Keywords: Asiatic Mode of Production, Globalization, Law of the Falling Tendency of the Rate of Profit, Materialist Conception of History, Underconsumptionist Tendencies.
    JEL: B10 E24
    Date: 2010–05
  5. By: Berliant, Marcus; Yu, Chia-Ming
    Abstract: Canonical analysis of the classical general equilibrium model demonstrates the existence of an open and dense subset of standard economies that possess fully-revealing rational expectations equilibria. This paper shows that the analogous result is not true in urban economies under reasonable modifications for this field. An open subset of economies where none of the modified rational expectations equilibria fully reveals private information is found. There are two important pieces. First, there can be information about a location known by a consumer who does not live in that location in equilibrium, and thus the equilibrium rent does not reflect this information. Second, if a consumer's utility depends only on information about their (endogenous) location of residence, perturbations of utility naturally do not incorporate information about other locations conditional on their location of residence. Existence of equilibrium is proved. Space can prevent housing prices from transmitting information from informed to uninformed households, resulting in an inefficient outcome.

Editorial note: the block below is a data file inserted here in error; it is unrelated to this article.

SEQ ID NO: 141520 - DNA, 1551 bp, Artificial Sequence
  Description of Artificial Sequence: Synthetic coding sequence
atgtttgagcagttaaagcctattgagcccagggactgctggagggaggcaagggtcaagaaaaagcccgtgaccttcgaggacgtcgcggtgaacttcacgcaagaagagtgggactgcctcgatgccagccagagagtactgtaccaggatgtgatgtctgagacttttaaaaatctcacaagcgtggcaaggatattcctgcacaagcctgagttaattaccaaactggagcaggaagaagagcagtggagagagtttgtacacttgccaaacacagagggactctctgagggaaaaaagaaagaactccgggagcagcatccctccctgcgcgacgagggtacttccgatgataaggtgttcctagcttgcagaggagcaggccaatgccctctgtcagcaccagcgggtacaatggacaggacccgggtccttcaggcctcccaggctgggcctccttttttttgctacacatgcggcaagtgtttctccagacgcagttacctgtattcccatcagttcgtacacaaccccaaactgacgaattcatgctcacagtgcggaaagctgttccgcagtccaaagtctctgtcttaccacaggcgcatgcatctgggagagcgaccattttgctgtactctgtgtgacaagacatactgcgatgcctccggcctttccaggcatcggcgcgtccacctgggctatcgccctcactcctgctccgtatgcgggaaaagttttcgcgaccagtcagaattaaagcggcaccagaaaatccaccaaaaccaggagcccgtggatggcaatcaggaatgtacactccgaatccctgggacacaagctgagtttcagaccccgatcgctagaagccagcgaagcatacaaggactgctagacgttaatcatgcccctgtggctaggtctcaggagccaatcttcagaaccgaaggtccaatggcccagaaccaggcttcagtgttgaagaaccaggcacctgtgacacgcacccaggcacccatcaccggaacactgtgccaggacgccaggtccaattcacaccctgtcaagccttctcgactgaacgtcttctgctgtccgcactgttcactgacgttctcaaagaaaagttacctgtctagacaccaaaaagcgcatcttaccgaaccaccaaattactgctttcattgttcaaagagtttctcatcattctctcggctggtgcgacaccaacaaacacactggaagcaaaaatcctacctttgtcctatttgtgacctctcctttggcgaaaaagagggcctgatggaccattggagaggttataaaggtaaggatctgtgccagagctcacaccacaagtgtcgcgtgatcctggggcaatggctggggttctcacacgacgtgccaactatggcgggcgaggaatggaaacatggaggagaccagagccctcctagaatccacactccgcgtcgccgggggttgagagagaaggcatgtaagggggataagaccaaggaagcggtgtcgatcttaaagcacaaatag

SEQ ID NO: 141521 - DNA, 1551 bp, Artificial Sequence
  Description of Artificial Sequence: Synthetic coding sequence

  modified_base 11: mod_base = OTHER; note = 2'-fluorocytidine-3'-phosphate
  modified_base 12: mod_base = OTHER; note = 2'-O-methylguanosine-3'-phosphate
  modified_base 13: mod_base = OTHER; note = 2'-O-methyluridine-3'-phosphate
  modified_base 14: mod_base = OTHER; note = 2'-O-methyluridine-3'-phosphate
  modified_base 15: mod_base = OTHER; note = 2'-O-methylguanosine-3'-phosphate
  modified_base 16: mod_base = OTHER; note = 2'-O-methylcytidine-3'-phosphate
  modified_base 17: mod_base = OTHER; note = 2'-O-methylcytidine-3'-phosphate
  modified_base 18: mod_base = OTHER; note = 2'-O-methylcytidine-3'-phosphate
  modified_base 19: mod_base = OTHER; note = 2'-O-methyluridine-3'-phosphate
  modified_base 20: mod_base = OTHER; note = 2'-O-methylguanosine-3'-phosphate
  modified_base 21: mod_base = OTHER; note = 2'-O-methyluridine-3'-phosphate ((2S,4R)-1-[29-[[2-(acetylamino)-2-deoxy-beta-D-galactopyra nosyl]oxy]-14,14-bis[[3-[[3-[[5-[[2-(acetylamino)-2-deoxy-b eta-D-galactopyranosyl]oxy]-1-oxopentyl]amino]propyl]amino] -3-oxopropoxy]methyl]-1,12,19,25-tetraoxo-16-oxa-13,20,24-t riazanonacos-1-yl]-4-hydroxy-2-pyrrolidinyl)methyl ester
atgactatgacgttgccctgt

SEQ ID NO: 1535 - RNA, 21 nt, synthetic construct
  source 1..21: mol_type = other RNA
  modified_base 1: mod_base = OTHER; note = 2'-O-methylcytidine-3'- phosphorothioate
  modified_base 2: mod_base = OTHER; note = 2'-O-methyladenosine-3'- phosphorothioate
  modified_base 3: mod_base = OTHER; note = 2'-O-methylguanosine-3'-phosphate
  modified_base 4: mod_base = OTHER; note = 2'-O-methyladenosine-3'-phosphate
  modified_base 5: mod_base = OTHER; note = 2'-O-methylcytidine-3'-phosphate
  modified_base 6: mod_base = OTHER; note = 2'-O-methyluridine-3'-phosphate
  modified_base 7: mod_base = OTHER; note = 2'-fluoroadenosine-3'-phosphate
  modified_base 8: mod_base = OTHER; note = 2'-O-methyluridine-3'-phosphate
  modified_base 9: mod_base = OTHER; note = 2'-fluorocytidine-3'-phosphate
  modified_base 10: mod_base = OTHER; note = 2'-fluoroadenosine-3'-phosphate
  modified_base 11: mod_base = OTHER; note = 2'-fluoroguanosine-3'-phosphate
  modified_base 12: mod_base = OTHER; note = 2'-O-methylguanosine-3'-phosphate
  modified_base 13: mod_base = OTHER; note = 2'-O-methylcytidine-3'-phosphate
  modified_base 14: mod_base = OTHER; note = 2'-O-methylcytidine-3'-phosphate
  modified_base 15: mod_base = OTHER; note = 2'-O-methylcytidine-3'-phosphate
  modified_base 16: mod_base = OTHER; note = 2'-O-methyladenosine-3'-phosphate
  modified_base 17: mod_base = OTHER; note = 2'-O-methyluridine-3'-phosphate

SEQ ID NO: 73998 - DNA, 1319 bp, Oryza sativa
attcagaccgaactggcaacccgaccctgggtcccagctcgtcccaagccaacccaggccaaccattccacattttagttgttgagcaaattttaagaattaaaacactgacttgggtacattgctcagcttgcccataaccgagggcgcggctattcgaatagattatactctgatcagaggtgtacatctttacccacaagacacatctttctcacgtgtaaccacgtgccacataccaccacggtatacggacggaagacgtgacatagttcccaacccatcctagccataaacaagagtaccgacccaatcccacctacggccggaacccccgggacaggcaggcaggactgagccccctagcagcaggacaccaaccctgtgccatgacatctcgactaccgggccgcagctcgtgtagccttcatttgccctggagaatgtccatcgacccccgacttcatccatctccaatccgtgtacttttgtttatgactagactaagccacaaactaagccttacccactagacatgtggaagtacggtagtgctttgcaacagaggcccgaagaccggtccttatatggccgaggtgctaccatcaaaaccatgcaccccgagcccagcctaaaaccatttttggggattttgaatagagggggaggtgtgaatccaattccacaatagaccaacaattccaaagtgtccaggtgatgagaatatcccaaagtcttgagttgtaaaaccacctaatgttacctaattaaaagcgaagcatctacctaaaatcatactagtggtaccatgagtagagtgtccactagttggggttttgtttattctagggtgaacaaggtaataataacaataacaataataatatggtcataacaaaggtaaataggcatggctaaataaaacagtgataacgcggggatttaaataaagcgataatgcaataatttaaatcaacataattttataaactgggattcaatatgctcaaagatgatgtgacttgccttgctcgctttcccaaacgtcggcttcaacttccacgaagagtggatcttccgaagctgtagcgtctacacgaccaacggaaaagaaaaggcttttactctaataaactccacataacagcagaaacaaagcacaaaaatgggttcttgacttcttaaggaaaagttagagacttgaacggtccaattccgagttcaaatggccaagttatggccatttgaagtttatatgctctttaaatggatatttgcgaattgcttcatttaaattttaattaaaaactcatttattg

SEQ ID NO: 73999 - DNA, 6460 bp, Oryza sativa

Keywords: Urban Economics; General Equilibrium; Private Information; Rational Expectations
    JEL: R13 D82 D51
    Date: 2010–05–08